There is a lack of political will to go after them

The recent spotlight on Hindu right-wing organisations Sanatan Sanstha and Hindu Janjagruti Sena (HJS) for their involvement in the murder of social activists and rationalists such as Govind Pansare, Narendra Dabholkar and M.M. Kalburgi has forced the central intelligence agencies to focus on an area they have traditionally neglected.
For instance, over the last month, they have received hundreds of inputs about the Lashkar-e-Taiba (LeT), the Jaish-e-Mohammad (JeM), the Hizbul Mujahideen (HM), and the newly created Laskhar-e-Islami planning terrorist strikes in India. Islamic State (IS), too, is under the scanner. But Hindu right-wing groups, or fringe organisations as they are commonly referred to, seldom find mention in these alerts, several counter-terrorism officials confirmed to The Hindu. They said that while they have been able to prove the involvement of certain individuals, it has been difficult to prove the culpability of the entire organisation, as they had done in the case of Students’ Islamic Movement of India (SIMI) and the Indian Mujahideen, both of which were banned.
For example, a copy of an input generated by the intelligence agencies in August (The Hindu has a copy) mentions threats from farmers agitation to Al Qaeda to those from paragliders but none on any Hindu fringe group.
While lack of resources is mentioned as an excuse not to investigate the Hindu outfits, there has also not been any serious effort to join the dots.
An official said, “It’s simple: if the top brass wants the activities of the fringe groups to be monitored then the message should be sent down the line. There have been occasions when our boys have generated such inputs but they have not been followed to the logical conclusion due to lack of intent or willingness from the top.”
The Multi Agency Centre (MAC) was set up in the wake of the 26/11 Mumbai attacks in 2008 to collate all intelligence inputs in the country and circulate it among all stakeholders, including the State police. These inputs seldom mention the activity of any Hindu right-wing group. The Intelligence Bureau (IB) has a desk that focusses on “communal incidents” but the activities of these groups are not being recorded.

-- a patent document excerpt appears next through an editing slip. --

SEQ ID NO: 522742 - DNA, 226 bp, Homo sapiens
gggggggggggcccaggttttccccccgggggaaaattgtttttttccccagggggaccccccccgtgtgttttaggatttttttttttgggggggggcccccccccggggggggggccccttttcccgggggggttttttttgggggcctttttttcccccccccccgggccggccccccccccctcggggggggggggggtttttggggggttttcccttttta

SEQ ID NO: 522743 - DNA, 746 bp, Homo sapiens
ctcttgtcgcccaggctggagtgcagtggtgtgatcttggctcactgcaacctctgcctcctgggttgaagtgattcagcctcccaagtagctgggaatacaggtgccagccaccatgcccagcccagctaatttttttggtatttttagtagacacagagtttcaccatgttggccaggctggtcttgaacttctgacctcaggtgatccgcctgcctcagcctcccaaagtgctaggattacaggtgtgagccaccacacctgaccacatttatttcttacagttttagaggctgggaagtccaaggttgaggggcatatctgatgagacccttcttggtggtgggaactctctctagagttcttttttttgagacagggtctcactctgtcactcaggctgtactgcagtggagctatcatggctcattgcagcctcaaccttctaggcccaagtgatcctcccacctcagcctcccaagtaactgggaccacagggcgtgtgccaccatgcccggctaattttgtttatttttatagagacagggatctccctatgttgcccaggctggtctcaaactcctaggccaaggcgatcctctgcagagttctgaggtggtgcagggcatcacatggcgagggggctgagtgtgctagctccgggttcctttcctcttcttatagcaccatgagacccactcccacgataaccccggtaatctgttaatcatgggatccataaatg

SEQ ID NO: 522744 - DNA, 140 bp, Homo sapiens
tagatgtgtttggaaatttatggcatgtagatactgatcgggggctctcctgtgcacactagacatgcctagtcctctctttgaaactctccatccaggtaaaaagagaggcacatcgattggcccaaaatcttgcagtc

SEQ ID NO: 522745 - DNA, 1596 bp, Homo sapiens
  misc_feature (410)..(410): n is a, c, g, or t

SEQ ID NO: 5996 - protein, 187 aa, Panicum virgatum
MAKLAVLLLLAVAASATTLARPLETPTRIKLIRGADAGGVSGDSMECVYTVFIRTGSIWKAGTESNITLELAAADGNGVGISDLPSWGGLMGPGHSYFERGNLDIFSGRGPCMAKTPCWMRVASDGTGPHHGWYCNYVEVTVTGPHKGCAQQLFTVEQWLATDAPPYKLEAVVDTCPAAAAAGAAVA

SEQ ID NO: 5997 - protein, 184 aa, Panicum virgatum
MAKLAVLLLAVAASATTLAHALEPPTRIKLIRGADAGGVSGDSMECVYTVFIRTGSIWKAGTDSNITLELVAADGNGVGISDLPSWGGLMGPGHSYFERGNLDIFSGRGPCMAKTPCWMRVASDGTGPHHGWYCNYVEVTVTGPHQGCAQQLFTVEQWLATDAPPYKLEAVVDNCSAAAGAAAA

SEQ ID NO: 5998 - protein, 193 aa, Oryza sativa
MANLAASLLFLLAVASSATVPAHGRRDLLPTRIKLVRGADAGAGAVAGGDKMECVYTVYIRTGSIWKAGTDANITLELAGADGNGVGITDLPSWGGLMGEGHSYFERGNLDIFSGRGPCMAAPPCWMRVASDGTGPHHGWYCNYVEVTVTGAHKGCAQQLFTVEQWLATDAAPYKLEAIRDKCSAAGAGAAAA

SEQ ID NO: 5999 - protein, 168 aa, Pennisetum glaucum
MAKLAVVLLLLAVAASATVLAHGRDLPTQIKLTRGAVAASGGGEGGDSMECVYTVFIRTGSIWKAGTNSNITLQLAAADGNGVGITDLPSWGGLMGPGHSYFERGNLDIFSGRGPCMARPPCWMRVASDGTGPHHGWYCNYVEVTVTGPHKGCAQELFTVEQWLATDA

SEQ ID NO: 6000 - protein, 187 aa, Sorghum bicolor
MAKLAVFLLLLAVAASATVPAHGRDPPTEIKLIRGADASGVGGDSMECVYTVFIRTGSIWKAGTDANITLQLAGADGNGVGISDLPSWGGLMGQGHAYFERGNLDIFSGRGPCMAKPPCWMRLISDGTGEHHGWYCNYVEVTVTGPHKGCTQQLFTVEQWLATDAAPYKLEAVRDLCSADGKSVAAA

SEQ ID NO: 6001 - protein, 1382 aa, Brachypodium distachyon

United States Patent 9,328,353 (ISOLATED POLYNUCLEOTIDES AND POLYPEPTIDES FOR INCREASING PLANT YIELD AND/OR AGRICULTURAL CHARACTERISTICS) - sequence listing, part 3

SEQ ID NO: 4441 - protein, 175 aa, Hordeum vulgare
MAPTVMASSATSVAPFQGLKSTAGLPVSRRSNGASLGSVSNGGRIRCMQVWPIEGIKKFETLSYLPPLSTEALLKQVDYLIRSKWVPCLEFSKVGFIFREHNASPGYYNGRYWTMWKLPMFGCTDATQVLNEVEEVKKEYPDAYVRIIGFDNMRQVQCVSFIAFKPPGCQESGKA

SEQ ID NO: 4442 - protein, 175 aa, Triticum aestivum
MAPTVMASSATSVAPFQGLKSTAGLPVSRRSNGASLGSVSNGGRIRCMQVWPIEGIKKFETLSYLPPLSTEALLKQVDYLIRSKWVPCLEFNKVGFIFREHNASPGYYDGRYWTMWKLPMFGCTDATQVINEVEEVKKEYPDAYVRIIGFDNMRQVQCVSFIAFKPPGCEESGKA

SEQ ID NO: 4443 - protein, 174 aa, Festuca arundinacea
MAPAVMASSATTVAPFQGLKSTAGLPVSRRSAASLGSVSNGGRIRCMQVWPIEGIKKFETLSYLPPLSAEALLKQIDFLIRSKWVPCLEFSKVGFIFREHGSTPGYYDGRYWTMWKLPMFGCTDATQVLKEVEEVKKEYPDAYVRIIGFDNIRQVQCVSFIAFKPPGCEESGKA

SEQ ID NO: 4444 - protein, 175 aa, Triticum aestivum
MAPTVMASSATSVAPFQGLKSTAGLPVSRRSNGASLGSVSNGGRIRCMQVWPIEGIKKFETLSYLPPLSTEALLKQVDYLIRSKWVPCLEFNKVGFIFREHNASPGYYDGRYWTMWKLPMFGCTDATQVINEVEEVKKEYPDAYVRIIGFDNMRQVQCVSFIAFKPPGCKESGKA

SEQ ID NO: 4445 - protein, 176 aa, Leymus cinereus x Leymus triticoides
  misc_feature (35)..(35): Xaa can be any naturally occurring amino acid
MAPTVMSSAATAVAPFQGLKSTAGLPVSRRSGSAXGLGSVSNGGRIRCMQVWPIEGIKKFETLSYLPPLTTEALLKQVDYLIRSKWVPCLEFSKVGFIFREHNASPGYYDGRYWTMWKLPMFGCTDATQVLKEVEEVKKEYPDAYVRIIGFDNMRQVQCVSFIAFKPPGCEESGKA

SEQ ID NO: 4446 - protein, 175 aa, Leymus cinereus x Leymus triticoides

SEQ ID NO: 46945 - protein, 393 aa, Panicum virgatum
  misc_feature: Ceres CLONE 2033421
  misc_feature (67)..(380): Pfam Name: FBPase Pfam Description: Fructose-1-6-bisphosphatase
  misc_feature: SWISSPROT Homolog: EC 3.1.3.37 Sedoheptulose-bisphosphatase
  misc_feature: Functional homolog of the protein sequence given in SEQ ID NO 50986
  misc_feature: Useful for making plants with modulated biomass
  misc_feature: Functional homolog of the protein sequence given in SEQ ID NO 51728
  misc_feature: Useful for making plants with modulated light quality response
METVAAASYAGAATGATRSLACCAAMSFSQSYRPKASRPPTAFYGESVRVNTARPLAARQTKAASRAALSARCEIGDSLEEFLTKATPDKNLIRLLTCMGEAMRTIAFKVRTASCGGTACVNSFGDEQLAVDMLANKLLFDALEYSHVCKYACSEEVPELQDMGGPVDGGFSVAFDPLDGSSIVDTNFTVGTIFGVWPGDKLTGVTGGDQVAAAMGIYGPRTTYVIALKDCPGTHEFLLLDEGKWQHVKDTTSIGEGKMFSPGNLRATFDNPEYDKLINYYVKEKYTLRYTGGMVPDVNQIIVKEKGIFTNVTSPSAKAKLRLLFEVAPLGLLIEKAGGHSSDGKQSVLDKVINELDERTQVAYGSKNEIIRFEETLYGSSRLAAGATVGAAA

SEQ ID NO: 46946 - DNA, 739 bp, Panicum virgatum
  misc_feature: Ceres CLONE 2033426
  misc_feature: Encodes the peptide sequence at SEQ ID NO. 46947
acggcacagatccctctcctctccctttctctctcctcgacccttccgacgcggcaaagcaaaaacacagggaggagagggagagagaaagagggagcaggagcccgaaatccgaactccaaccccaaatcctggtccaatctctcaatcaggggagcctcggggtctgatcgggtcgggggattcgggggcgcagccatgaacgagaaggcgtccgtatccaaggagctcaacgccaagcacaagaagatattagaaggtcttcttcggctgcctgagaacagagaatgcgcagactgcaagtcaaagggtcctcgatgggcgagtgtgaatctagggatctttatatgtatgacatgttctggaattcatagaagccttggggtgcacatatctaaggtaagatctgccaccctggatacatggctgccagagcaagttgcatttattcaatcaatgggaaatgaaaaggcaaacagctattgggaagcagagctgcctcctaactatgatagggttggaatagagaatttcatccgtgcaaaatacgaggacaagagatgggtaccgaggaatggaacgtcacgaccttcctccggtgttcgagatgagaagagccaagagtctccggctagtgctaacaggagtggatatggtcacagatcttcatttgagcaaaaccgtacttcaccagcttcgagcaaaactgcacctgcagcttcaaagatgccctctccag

“Why these groups are not being watched can also lead to the conclusion that they are not indulging in any grave anti-national activity, but that is not the case,” another officer said.
But former Union Home Secretary and BJP MP R.K. Singh said: “Investigation is not divided on the basis of religion. Our agencies are manned by people who are the most secular in the world. In fact, the previous Director of Intelligence Bureau [Syed Asif Ibrahim] was a Muslim. As far as MAC inputs are concerned, a majority were on groups which sponsored terror from across the border, backed by Pakistan’s ISI. It was the only threat. [We] never came across any threat from Hindu groups except Sanatan Sanstha that the Home Ministry recommended for a ban [in 2009].”
An IB official, instrumental in the arrest of Abhinav Bharat members Lt. Col Prasad Shrikant Purohit, Sadhvi Pragya Thakur and others for their involvement in the Malegaon (2006 and 2008), Mecca Masjid (2007), Samjhauta Express (2007) and Ajmer Sharief (2007) blasts, said: “Alarm bells always ring, but do we always hear it? The involvement of Abhinav Bharat was one such case; we joined the dots and cracked it. The weakness of the system is that such small groups are let to incubate and gather strength.”
It was during the United Progressive Alliance (UPA) government’s time that Abhinav Bharat was identified and nine Muslim members were arrested for their involvement in the Malegaon blasts.
It is not just about lack of resources, but also about political will. “There was a UPA Home Minister who refused to initiate action against Muslims as well as Hindus,” an IB official recalled. “He was against the arrest of Muslims in terror-related cases for the fear of losing the support of minorities, and Hindus because of his religious leanings,” he said.